I grew up in a small town in South Georgia known as Thomasville. I initially was a Math major, climbing all the way to Calculus II with B. However, quickly learned that being in the classroom would not be my career of choice. I changed my major and once I completed my Bachelor's degree in Management at Valdosta State University, I migrated to Jacksonville, Florida to get my career started. Over the course of working different corporate jobs, out of sheer boredom did I decide to pursue my Master's degree in business. Yet and still there was a void. I have always loved Math and the Algebra concepts that haunt so many students are what became engraved in my brain over the years somehow. My business card reads, "Do you hate Algebra? Well, I love it!" And it's not just my ability to teach the subject matter. I have a lovable personality that many seem to gravitate to! I explain problems in their simplest form making grasping the concepts super easy. Outside of tutoring, I am a married mom of 3 who loves writing poetry, reading books and photography.
I look forward to getting to know all about you and how I can help you fall in love with Algebra too :)
What is your teaching philosophy?
I believe that people are unique individuals who need a patient and attentive educator to increase their level of understanding of the subject matter at hand. It is my desire as an educator to assist students in meeting their full potential by acting as a subject matter expert who can explain the content in a manner that can be easily understood.
What might you do in a typical first session with a student?
My first responsibility is to the student, so in a typical first session with a student, I will take the time to build rapport. I want the student to be comfortable with me. I want to discover common ground. Moving into the conversation about subject matter, I will want to hear the student out. I want to listen for terminology they are using and try to discover the general challenges they are encountering overall.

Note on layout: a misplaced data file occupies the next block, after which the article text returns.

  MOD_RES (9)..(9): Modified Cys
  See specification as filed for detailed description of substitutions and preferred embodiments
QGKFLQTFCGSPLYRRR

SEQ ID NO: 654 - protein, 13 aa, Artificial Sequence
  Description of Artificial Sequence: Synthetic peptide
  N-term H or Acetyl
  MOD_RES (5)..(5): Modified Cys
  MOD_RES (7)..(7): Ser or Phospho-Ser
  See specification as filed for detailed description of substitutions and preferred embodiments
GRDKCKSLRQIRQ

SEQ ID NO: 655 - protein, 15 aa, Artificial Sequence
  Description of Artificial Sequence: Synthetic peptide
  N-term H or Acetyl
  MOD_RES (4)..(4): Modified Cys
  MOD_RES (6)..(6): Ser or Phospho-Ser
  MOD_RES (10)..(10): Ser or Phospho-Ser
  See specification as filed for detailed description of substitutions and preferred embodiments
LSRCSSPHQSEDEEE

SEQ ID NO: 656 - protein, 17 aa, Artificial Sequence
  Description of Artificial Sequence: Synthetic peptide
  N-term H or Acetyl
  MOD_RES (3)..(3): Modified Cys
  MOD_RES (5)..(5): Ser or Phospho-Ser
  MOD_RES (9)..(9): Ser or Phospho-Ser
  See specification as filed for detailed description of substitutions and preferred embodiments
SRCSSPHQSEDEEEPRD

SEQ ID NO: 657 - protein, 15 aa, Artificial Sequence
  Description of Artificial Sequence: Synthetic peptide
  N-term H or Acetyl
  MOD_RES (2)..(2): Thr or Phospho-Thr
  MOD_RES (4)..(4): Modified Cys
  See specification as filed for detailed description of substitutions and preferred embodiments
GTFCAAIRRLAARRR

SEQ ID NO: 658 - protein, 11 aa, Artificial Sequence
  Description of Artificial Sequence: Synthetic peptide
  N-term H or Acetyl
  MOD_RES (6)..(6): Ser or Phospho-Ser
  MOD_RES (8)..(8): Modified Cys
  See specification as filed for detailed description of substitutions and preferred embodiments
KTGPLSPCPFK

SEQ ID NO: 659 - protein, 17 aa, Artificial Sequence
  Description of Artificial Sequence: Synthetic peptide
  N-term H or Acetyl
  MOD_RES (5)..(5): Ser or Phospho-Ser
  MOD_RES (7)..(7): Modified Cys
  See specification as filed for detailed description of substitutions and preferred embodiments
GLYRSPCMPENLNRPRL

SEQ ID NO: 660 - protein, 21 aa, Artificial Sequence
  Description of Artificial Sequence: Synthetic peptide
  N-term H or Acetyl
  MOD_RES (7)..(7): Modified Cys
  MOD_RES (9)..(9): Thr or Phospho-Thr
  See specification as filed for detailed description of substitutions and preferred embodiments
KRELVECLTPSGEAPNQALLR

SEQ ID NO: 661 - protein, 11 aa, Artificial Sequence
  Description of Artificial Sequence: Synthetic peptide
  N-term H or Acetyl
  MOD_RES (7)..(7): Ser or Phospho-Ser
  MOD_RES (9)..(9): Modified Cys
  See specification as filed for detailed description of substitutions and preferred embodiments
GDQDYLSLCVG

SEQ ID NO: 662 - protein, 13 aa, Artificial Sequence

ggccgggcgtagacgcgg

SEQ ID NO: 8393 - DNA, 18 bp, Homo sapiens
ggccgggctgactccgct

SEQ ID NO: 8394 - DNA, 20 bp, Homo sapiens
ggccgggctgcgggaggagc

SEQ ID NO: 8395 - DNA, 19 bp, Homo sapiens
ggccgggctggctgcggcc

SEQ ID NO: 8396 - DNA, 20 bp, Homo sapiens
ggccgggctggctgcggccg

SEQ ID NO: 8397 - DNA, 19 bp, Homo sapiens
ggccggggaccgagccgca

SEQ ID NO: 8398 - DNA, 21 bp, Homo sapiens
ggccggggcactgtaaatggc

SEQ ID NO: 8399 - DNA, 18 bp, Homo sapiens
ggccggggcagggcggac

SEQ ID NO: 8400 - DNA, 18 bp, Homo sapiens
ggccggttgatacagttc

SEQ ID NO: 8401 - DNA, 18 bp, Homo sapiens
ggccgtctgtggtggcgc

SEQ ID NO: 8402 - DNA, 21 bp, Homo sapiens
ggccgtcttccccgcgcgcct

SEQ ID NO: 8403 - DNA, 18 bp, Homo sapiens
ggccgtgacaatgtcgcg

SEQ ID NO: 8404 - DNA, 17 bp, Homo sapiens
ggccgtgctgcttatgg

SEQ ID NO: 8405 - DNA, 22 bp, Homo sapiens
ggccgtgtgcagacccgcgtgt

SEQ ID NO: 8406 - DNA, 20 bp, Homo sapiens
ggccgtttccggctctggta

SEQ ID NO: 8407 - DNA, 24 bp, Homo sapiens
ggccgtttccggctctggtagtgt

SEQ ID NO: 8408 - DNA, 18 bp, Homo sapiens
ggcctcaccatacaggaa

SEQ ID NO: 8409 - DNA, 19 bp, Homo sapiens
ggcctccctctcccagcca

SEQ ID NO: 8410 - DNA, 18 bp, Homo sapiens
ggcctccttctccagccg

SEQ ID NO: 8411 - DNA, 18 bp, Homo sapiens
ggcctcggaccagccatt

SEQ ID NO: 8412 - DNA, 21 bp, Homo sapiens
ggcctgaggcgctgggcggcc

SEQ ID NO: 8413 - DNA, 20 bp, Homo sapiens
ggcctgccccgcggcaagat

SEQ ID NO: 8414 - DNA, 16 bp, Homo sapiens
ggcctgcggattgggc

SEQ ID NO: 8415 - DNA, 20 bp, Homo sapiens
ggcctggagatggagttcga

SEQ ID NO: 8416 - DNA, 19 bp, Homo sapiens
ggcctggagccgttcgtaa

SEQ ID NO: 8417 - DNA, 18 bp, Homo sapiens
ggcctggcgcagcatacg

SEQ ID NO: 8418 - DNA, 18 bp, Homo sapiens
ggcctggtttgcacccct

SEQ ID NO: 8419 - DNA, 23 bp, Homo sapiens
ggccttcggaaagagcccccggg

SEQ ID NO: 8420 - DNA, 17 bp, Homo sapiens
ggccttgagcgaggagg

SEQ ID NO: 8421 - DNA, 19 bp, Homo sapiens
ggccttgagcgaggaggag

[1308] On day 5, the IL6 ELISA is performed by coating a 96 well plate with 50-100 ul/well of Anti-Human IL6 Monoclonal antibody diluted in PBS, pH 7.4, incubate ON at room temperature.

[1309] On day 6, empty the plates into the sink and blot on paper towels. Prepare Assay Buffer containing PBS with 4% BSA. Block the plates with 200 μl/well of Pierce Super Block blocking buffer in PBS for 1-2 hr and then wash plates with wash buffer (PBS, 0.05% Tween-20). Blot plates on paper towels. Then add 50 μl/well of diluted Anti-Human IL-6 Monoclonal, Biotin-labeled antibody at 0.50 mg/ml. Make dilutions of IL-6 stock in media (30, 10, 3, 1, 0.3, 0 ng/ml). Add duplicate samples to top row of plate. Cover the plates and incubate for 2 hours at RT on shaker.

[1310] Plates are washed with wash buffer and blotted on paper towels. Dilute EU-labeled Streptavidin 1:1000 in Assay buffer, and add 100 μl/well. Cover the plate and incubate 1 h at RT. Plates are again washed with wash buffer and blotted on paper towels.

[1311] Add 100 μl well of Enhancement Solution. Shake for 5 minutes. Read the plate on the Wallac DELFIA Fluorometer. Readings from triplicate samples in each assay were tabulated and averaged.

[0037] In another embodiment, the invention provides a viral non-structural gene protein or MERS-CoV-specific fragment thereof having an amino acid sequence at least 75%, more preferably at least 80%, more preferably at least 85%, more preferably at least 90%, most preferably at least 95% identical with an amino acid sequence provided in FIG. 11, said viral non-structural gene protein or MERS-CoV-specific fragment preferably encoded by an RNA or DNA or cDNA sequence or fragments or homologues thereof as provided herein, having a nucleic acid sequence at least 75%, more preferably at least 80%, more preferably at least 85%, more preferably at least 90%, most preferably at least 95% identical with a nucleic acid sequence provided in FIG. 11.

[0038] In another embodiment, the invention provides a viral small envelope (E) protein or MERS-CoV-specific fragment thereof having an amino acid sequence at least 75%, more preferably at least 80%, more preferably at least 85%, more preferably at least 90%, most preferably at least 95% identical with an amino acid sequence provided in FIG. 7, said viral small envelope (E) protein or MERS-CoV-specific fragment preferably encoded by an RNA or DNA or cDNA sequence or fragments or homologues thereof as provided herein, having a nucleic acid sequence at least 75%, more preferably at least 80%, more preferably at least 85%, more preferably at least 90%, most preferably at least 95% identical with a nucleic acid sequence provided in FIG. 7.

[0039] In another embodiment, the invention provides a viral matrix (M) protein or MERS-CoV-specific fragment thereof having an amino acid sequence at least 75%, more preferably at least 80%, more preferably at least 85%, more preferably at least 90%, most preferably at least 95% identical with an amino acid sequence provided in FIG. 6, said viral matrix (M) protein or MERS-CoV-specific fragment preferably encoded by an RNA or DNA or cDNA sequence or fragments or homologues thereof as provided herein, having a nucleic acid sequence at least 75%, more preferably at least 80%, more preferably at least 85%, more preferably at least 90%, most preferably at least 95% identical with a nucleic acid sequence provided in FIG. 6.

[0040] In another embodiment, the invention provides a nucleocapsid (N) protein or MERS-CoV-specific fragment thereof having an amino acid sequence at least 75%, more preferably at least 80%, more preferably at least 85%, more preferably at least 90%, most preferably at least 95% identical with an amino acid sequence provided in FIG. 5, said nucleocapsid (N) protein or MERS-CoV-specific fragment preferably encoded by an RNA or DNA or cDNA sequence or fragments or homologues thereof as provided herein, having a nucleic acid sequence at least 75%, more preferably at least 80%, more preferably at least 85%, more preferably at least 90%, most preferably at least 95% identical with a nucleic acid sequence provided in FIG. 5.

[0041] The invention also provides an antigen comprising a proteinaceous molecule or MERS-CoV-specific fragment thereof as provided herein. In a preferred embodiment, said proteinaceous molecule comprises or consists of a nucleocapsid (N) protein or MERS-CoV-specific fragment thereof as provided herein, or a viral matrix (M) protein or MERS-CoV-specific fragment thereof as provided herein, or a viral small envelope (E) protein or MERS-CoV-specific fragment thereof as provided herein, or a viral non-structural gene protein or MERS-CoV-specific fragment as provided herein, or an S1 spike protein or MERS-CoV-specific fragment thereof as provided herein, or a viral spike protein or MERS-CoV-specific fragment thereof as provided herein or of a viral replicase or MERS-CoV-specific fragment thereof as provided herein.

How can you help a student become an independent learner?
I will help a student become an independent learner by working through concepts. We will discuss context and methodology. It is not my goal nor desire to solve problems for students. I am someone who helps them help themselves solve problems. This is the best way I see fit to not only understand a problem to completion, but also to retain the information as well.
How would you help a student stay motivated?
I have a few simple ideas to help a student stay motivated. I want to give the student a sense of confident control. We may work on a concept together, and I will then ask the student to perform a similar concept by saying, "Okay, you work the next five. You've got it. You know what to do. I'll be right back." And I may step away for 1 or 2 minutes so the added pressure of someone standing over you working isn't there. This also gives the student a feeling that I trust they can do the work, which in turns builds the confidence in themselves. I like to give positive verbal reinforcement such high fives and "keep up the good work!" I get excited for my students when they grasp a concept. You can feel the tension decrease when they feel that math is not so complicated at all.